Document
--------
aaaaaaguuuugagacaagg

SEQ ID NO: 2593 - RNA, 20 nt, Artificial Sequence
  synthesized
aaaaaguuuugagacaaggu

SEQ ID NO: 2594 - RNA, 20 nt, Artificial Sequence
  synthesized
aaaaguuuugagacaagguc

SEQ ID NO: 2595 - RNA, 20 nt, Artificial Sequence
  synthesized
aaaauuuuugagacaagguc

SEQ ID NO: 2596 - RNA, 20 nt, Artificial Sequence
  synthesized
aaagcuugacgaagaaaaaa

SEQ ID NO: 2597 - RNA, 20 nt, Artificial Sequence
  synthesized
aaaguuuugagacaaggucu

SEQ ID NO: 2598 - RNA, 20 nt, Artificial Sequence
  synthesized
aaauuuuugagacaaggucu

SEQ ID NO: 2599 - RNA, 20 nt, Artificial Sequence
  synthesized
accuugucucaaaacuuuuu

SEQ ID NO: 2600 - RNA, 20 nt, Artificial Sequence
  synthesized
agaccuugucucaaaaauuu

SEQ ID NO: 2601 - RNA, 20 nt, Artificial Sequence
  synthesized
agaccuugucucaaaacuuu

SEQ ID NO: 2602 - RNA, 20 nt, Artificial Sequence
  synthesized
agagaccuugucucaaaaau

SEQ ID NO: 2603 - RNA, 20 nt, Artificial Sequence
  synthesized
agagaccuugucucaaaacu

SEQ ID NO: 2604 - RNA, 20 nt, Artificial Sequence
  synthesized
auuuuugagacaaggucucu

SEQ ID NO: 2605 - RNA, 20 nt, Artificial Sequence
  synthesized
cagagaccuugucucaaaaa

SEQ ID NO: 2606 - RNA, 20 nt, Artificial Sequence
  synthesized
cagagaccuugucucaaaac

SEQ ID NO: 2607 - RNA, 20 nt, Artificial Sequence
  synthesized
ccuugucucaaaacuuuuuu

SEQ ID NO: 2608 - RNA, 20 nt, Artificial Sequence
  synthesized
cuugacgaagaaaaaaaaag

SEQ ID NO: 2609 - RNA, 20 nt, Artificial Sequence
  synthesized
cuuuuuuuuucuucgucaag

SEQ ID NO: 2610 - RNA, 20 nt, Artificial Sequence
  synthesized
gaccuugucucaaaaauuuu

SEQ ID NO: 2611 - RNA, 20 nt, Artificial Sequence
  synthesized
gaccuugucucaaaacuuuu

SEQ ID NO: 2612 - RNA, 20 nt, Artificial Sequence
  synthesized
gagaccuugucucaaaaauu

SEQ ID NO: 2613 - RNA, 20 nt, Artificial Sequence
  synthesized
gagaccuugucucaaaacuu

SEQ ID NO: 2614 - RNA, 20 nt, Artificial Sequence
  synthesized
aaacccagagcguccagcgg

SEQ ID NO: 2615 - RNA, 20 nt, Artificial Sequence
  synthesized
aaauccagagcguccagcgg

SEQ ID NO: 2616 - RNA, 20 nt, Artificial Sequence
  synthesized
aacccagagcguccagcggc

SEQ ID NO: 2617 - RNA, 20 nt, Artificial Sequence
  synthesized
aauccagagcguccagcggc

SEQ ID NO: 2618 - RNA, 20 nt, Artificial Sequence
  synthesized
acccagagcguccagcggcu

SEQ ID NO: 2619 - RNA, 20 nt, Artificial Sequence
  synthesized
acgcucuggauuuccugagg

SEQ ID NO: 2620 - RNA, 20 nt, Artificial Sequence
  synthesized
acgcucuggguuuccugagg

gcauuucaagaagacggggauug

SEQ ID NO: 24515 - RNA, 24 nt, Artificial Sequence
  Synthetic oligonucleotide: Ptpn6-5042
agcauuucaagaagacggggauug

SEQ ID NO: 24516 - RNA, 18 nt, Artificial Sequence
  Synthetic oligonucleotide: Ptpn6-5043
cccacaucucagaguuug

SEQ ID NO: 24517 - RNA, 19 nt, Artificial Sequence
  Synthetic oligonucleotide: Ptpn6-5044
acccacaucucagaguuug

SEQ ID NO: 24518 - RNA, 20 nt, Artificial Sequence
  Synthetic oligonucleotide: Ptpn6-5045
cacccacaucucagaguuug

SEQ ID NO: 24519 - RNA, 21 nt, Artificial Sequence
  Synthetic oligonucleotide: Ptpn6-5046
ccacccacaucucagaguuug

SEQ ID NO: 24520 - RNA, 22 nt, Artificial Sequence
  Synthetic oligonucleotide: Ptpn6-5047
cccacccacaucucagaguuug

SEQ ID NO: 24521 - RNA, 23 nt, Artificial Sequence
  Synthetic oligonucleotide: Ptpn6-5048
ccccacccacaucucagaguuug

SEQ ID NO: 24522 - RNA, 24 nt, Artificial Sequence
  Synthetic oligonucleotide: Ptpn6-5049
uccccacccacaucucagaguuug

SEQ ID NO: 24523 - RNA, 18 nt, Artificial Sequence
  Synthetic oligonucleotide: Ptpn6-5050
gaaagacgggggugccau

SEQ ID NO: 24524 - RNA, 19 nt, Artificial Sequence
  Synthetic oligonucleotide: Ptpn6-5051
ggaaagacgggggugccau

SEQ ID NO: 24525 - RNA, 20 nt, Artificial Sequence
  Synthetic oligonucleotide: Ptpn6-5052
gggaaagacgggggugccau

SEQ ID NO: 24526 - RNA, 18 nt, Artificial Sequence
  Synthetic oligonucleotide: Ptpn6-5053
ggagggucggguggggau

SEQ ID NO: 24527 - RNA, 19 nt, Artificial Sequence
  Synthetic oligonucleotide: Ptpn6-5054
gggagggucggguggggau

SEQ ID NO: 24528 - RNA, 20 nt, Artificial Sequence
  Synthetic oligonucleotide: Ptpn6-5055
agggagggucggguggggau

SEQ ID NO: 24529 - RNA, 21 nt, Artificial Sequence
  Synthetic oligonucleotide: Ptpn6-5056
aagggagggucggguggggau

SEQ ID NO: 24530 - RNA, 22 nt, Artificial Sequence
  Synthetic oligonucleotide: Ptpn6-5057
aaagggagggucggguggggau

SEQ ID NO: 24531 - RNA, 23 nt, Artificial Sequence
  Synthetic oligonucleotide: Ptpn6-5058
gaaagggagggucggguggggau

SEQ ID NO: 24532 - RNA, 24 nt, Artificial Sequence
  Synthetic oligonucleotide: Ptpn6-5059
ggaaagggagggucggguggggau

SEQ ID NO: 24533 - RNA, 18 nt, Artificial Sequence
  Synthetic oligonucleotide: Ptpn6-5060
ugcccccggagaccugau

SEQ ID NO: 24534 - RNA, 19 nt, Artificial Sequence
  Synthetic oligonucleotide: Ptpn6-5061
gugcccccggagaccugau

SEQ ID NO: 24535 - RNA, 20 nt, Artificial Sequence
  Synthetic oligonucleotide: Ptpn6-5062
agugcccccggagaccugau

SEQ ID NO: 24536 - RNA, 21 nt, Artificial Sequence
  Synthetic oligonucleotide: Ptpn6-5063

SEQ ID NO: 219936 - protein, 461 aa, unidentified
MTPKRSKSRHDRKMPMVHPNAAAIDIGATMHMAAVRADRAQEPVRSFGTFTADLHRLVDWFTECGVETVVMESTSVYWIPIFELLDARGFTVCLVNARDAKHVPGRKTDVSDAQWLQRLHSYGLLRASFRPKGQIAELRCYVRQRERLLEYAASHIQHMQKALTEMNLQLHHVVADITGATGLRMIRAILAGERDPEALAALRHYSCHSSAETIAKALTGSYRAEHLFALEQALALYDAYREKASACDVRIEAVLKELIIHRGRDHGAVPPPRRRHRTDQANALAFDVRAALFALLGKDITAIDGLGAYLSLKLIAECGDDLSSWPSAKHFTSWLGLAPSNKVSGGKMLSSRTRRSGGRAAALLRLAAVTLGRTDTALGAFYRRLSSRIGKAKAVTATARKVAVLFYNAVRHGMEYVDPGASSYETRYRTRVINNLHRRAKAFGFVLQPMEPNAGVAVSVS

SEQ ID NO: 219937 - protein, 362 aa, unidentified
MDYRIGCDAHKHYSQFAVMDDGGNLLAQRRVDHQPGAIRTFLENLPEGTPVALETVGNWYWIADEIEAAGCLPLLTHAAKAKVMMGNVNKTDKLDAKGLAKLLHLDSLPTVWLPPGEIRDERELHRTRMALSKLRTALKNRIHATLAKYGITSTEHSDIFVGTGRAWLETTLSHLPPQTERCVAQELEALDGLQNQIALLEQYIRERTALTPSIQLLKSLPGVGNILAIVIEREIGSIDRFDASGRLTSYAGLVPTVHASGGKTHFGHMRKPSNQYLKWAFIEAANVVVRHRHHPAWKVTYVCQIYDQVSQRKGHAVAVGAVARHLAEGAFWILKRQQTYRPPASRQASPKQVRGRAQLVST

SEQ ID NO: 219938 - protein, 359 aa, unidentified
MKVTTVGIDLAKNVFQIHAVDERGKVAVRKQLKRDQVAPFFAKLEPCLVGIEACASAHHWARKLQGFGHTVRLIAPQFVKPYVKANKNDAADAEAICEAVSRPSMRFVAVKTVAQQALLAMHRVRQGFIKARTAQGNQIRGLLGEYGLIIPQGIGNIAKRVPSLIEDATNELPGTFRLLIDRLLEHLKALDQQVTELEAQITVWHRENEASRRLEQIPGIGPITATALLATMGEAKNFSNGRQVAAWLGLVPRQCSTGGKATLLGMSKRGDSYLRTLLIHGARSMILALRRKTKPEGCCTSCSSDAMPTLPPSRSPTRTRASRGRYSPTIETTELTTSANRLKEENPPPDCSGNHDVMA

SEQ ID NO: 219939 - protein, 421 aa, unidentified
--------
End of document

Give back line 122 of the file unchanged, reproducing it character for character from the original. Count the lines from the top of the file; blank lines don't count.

ggagggucggguggggau